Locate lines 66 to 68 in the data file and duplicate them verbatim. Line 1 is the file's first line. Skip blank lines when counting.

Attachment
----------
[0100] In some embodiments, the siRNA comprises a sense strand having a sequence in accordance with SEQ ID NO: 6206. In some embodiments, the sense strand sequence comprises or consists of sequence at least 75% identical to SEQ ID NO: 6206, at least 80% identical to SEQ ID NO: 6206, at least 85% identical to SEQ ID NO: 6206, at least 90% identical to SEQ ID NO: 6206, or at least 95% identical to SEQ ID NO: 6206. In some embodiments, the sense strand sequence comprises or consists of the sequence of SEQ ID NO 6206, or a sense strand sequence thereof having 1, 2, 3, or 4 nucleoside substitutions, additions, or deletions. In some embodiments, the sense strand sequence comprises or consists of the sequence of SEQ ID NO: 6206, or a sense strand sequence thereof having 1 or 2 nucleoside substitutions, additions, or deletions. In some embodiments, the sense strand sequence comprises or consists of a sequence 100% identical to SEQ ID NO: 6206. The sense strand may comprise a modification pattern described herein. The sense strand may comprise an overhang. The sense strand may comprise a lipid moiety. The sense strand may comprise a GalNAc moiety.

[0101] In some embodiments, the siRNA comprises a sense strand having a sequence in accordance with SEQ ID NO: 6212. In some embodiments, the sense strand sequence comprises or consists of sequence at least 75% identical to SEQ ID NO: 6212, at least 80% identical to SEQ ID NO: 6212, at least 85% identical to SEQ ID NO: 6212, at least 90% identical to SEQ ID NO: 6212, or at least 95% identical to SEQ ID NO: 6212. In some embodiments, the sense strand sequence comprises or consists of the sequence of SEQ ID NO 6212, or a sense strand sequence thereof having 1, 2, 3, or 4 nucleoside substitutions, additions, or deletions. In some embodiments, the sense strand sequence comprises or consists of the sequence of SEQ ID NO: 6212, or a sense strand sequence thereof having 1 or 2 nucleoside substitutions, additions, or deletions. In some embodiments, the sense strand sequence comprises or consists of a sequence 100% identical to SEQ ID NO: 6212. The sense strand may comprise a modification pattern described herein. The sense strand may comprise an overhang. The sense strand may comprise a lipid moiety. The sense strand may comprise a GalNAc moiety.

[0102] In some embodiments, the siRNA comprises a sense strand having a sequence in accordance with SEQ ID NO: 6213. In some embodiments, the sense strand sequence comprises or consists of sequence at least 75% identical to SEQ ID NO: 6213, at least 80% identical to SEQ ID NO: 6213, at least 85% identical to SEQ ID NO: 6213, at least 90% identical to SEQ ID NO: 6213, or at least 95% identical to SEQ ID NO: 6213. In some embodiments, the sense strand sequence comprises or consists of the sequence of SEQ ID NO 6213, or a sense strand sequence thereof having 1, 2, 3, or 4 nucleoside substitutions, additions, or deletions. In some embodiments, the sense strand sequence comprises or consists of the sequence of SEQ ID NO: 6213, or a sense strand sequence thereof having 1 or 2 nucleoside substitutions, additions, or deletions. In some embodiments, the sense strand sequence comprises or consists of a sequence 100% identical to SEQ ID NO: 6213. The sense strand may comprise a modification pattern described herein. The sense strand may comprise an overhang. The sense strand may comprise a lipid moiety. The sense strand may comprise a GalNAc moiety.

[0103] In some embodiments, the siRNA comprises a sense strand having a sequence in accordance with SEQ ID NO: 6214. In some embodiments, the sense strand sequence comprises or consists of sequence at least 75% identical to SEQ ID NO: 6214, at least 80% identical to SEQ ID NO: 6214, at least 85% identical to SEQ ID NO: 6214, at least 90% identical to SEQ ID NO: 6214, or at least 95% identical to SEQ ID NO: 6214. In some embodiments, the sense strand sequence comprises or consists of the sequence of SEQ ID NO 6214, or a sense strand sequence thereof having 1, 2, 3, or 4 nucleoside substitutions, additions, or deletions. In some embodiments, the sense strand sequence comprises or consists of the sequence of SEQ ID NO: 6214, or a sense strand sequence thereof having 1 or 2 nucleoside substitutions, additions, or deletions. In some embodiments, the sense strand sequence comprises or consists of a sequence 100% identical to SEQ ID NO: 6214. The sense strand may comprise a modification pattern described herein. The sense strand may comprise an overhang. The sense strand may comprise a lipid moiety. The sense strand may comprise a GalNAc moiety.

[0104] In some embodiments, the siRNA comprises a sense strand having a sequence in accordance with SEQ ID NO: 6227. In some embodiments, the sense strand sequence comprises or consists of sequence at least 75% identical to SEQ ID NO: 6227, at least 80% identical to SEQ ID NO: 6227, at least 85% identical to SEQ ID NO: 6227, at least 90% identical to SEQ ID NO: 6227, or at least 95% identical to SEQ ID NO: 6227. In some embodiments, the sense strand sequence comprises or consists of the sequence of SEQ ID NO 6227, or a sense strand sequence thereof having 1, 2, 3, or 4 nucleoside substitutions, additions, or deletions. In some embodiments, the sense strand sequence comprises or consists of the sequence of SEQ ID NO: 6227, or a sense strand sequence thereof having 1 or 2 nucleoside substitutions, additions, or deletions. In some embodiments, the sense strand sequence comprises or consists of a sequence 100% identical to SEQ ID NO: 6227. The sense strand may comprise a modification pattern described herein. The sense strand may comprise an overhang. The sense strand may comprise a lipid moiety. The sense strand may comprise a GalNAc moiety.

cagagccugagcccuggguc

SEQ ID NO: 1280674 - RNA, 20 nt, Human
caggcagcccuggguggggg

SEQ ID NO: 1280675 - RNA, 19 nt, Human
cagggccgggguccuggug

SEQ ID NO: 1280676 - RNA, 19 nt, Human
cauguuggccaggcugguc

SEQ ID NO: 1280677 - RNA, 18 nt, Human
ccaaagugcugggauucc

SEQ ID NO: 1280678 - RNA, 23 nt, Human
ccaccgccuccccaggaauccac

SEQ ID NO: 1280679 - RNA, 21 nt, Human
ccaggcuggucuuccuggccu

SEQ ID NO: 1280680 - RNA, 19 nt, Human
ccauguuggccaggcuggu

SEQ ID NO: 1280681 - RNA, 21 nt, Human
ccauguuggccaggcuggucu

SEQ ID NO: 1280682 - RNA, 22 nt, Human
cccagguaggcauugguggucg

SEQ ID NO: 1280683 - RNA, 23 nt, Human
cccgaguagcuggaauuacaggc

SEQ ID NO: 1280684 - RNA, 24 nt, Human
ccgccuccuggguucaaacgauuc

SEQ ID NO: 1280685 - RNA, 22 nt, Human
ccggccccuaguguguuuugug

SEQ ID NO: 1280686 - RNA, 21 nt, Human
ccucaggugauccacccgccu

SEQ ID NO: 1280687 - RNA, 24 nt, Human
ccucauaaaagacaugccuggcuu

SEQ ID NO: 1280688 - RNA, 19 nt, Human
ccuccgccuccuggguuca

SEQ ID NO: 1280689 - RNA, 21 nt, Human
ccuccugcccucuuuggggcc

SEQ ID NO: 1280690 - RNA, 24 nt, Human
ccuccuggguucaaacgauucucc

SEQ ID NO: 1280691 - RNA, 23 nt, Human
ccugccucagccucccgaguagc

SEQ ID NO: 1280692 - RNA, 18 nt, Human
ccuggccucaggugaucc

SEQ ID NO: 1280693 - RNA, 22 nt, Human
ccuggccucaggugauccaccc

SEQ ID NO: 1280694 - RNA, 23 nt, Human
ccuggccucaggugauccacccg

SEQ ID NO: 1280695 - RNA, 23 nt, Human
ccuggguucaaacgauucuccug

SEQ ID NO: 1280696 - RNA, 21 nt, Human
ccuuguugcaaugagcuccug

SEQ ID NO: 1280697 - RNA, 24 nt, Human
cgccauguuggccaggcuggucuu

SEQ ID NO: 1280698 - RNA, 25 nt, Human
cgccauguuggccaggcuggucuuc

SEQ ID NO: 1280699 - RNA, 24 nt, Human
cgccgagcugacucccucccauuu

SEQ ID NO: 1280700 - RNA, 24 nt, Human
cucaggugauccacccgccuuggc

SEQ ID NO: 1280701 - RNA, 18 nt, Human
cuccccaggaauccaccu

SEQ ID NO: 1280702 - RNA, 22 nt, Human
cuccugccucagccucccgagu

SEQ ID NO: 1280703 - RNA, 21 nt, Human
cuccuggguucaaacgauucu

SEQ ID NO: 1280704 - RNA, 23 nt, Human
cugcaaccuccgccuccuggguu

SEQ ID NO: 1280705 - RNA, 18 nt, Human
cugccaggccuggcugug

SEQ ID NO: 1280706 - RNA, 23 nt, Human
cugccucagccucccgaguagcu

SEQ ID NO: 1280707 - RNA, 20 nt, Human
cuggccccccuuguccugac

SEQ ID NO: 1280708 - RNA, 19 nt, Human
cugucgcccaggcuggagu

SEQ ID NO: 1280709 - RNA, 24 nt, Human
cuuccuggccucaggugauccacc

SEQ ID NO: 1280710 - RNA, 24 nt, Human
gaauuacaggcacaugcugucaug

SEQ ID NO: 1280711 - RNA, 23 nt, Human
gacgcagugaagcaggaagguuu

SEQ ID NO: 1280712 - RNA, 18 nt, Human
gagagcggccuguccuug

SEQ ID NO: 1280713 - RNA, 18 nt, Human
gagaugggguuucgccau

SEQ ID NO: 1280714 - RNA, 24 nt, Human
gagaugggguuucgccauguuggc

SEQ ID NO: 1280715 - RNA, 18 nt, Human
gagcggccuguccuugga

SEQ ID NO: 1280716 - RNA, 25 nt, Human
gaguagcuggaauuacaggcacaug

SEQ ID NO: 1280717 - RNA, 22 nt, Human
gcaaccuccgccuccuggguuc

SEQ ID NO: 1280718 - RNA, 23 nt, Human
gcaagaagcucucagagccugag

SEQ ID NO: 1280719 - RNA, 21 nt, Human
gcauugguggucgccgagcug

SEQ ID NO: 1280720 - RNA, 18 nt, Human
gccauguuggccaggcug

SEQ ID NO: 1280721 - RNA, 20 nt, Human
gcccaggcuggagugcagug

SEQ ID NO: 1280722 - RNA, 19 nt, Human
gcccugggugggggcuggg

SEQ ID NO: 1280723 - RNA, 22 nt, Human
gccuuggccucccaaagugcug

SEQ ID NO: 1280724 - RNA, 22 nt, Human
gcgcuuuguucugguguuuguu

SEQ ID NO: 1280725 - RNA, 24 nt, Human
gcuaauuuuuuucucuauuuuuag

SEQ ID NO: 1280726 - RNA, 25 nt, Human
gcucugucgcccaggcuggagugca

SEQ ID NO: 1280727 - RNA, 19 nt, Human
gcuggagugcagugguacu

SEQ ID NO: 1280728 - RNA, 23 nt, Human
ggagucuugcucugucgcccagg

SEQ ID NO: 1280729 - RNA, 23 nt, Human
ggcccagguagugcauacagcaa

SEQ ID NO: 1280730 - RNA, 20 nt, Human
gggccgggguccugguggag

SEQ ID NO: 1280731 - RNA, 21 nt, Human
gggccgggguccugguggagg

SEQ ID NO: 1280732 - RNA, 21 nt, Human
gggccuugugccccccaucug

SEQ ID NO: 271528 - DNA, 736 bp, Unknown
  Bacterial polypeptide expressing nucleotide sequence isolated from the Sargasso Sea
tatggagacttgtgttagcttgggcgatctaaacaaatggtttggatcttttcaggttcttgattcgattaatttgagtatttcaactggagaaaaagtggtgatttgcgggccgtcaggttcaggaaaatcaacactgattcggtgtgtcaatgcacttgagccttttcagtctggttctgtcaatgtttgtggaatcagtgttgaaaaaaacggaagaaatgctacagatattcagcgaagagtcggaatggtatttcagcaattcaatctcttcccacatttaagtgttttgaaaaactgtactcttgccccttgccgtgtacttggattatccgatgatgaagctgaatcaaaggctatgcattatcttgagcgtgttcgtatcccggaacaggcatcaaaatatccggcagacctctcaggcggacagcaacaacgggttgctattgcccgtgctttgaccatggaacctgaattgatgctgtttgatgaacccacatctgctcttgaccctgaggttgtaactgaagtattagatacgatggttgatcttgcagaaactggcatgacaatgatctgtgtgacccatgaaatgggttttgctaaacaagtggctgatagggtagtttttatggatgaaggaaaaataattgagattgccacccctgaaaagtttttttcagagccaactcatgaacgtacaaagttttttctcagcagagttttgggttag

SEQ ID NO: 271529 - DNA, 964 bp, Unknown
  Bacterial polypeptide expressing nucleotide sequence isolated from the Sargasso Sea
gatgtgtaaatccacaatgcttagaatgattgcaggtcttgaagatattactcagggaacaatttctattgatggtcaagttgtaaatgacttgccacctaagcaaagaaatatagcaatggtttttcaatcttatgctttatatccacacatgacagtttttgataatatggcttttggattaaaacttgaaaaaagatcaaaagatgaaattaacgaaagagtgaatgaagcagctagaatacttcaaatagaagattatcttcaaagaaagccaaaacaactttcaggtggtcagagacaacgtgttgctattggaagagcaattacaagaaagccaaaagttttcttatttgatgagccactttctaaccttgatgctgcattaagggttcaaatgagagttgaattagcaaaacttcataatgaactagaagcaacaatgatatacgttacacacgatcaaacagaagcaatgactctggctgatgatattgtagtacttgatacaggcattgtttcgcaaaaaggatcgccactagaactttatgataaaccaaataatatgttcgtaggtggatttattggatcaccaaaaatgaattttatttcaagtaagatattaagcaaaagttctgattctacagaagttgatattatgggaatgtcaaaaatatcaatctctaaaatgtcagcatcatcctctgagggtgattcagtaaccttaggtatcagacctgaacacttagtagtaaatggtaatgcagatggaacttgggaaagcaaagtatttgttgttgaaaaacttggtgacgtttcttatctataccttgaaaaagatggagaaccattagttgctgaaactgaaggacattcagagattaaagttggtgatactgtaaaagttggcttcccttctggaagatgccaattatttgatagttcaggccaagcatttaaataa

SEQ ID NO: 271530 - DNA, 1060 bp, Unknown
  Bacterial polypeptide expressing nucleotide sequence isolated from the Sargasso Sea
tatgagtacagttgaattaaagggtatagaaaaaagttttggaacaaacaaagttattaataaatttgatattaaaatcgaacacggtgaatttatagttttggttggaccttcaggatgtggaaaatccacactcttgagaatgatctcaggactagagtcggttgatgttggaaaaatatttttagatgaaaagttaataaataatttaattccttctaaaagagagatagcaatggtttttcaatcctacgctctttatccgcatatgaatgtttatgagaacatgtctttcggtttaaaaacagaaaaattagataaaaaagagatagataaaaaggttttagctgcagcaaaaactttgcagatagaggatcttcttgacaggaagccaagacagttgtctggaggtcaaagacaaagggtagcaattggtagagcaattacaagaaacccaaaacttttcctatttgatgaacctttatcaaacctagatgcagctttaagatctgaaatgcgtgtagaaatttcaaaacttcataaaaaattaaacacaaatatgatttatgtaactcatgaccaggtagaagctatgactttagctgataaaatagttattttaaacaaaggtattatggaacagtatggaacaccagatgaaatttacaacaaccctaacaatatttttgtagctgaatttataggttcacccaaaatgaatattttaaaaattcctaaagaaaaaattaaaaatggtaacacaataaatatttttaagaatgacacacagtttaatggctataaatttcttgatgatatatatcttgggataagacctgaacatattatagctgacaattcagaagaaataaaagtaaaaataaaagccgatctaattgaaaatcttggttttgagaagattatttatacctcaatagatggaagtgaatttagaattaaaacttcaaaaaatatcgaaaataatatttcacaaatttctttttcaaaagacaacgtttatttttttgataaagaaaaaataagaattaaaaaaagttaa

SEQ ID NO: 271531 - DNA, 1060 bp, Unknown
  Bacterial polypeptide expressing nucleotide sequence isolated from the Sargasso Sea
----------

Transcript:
cuccuggguucaaacgauucu

SEQ ID NO: 1280704 - RNA, 23 nt, Human
cugcaaccuccgccuccuggguu